My Father is Greater than I

For My Father is Greater than I - John 14:28

My Father is Greater than I
John 14:27-31 (A) Peace I Leave with you

John 14:27-31 (B) My Father is Greater than I

John 15 Bible Study


Why is the phrase "My Father is greater than I" in John 14:28 so controversial?
When a 4th century heretic named Arius claimed that if God the Father is greater than Jesus, then Jesus must be a creature and not God, those who denounced Arius stated as one of their counter-arguments that since Jesus was fully man and fully God during His earthly ministry, He must have been comparing just His humanity, not His divinity, to God the Father. Ever since then, generations of cults that deny Jesus' deity have repeated Arius' heresy, and generations of Christians who denounced them and Arius' heresy included many who repeated the argument that Jesus must have been comparing just His humanity to God the Father in this verse.

Are they right?
No, for three reasons. Firstly, Jesus, who was fully God and fully man during His earthly ministry, said, "My Father is greater than I," not "My Father is greater than just my humanity." Secondly, saying that someone is greater than just one side of yourself is actually a snub that implies the other person isn't greater if the other side of you is also brought into the picture. Thirdly, the context of the passage precludes Jesus all of a sudden speaking only about His humanity: "‘I am going to the Father,’ for My Father is greater than I" (John 14:28); was Jesus going to return to God the Father in heaven only in His humanity and not as God the Son?

Then was Arius right?
Of course not, but the way to stamp out a heresy isn't to go off the rails on the other side; it's to simply present what the Bible says, and the Bible has plenty to say about and show to prove Jesus' deity (e.g., The Word became Flesh, Before Abraham was I AM, I And My Father Are One, My Lord and My God, Jesus feeds 5000, Fear Not, Lazarus Come Forth, Resurrection of Jesus).

Did God the Son come into existence later than God the Father?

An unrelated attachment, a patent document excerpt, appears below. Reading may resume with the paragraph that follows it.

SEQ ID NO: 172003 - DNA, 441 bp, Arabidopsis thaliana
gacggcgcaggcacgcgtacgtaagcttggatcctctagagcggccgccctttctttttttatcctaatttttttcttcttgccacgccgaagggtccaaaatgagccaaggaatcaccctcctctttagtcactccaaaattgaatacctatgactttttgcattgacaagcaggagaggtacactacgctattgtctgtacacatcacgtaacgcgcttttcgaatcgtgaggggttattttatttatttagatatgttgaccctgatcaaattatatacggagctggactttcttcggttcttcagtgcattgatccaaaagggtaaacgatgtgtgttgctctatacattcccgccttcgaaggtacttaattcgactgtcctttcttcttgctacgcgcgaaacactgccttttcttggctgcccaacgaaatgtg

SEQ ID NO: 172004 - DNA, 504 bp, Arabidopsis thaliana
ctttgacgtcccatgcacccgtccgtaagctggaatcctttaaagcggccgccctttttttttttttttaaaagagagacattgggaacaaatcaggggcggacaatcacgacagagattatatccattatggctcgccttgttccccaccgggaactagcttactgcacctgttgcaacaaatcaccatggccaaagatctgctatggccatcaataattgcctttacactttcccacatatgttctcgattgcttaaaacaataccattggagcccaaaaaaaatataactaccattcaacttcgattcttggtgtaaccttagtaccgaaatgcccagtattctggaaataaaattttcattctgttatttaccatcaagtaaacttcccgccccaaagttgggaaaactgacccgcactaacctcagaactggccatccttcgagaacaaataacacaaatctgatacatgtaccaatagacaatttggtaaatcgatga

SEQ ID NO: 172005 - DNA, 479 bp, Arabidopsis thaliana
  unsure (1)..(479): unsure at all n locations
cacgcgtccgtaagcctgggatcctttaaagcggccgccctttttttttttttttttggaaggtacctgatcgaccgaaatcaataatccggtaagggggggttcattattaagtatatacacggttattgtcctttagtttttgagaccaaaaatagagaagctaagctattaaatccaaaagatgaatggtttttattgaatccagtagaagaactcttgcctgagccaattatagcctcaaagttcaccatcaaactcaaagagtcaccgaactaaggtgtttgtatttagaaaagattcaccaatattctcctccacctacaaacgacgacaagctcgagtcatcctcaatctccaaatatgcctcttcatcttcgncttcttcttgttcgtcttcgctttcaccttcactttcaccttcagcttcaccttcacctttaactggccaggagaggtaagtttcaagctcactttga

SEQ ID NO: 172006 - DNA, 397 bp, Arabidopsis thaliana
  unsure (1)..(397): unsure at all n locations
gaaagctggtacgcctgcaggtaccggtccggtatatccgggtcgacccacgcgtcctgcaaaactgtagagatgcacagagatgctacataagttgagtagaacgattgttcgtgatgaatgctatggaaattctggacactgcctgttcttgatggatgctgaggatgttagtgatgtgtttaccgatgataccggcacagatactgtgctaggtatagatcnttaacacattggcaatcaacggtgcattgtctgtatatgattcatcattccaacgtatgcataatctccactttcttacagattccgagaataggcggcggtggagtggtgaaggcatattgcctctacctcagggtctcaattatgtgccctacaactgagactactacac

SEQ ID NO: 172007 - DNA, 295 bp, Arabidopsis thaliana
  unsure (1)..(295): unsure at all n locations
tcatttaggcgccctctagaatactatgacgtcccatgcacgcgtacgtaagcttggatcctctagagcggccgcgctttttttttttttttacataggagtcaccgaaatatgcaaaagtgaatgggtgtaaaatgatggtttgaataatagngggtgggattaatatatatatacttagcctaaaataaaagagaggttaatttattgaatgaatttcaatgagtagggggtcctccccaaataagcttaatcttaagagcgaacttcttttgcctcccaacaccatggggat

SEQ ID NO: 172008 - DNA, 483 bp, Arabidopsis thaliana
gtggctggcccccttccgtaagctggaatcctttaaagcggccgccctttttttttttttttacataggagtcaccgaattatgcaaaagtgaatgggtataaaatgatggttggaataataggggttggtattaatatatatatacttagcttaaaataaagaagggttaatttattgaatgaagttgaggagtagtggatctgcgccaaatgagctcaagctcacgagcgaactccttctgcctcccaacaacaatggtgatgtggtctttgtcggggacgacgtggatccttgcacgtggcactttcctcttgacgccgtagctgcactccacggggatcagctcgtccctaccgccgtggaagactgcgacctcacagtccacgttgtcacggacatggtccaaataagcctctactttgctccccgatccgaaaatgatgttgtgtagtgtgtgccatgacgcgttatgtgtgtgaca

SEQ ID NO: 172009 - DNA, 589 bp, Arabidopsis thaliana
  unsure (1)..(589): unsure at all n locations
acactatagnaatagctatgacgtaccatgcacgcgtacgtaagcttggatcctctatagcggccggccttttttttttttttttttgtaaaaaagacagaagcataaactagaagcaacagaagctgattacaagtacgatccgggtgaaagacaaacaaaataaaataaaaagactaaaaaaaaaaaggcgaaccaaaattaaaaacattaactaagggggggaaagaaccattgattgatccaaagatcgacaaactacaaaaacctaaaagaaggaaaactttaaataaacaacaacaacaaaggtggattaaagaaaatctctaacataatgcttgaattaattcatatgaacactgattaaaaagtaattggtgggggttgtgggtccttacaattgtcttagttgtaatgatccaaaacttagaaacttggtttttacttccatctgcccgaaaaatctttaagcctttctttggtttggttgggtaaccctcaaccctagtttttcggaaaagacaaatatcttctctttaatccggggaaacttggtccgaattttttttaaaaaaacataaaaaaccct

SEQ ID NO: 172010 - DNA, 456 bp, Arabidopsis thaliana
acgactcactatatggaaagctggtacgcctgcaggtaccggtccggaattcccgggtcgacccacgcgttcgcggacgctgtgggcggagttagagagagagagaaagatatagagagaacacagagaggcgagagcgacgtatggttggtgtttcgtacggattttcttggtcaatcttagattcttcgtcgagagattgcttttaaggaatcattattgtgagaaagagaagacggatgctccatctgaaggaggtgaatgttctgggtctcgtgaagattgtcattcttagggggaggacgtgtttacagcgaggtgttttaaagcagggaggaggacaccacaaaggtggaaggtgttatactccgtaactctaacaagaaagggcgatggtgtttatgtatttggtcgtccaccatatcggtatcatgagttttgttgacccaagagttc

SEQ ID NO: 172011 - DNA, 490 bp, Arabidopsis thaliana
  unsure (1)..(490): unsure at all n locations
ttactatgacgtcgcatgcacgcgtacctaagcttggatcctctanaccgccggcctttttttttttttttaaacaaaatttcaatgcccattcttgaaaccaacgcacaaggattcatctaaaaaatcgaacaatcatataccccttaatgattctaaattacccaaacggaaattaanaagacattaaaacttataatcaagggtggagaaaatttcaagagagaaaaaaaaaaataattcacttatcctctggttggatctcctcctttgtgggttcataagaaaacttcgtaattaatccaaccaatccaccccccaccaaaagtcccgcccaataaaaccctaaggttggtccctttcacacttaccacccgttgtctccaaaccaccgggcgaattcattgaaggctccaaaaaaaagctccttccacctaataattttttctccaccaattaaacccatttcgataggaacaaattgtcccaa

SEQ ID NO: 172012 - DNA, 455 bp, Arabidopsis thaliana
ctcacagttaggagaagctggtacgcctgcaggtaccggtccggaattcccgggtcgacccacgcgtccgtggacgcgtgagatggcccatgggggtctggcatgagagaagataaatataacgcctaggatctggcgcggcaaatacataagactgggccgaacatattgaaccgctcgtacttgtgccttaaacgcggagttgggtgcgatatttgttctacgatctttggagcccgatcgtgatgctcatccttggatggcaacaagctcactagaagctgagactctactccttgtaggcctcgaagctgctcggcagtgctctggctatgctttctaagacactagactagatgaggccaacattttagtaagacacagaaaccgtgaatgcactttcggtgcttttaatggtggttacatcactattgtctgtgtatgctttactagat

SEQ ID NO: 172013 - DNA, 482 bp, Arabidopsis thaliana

No, Jesus is "God" (John 1:1), and one of the attributes of God is that He is eternal, which means having no beginning and no end: "From everlasting to everlasting, You are God" (Psalm 90:2). Jesus has always been in existence, even before "the beginning" (John 1:1).

Did God the Father initiate the existence of or give rise to God the Son?
If so, God the Son wouldn't be eternal (see above), so no.

Are God the Father and God the Son two different Gods or of different substance?
No, "the LORD our God, the LORD is one!" (Deuteronomy 6:1, Mark 12:29, see the diagram in this page).

Is God the Father more holy than God the Son?
Both are holy in Their divinity, and God the Son was holy - "knew no sin" (2 Corinthians 5:21) - even in His humanity, so no; God the Father and God the Son are both perfectly holy.

Is God the Father due greater glory than God the Son?
No, they share the same "glory" (John 17:5).

Is God the Father due more honor than God the Son?
"All should honor the Son just as they honor the Father" (John 5:23).

Then in what way is God the Father "greater" than God the Son?
God the Father "sent" (John 5:30, 5:36, 5:37, 6:57, 8:16, 8:18, 8:29, 10:36, 12:44, 12:45, 12:49, 20:21) God the Son, who said as He began His earthly ministry that He had come "for the works that the Father has given Me to accomplish" (John 5:36), and then reported to the Father as He closed out His ministry, "I have accomplished the work which You have given Me" (John 17:4). So God the Father has the relationship's "greater" position from which to have "sent" God the Son into the world to save it, and then to receive report of mission "accomplished," not that it was news to Him (see Son of God).

Does God the Father being "greater" make God the Son 'lesser'?
Jesus, our divine Creator - “For by Him all things were created, those in the heavens and those upon the earth, those visible and those invisible, whether thrones or lordships or rulers or authorities. All things were created through Him and for Him” (Colossians 1:16) - who needed nothing yet gave up everything to save us from sin and hell is already great beyond our comprehension. His declaration that God the Father is "greater" doesn't diminish His own greatness; His humility enhances it.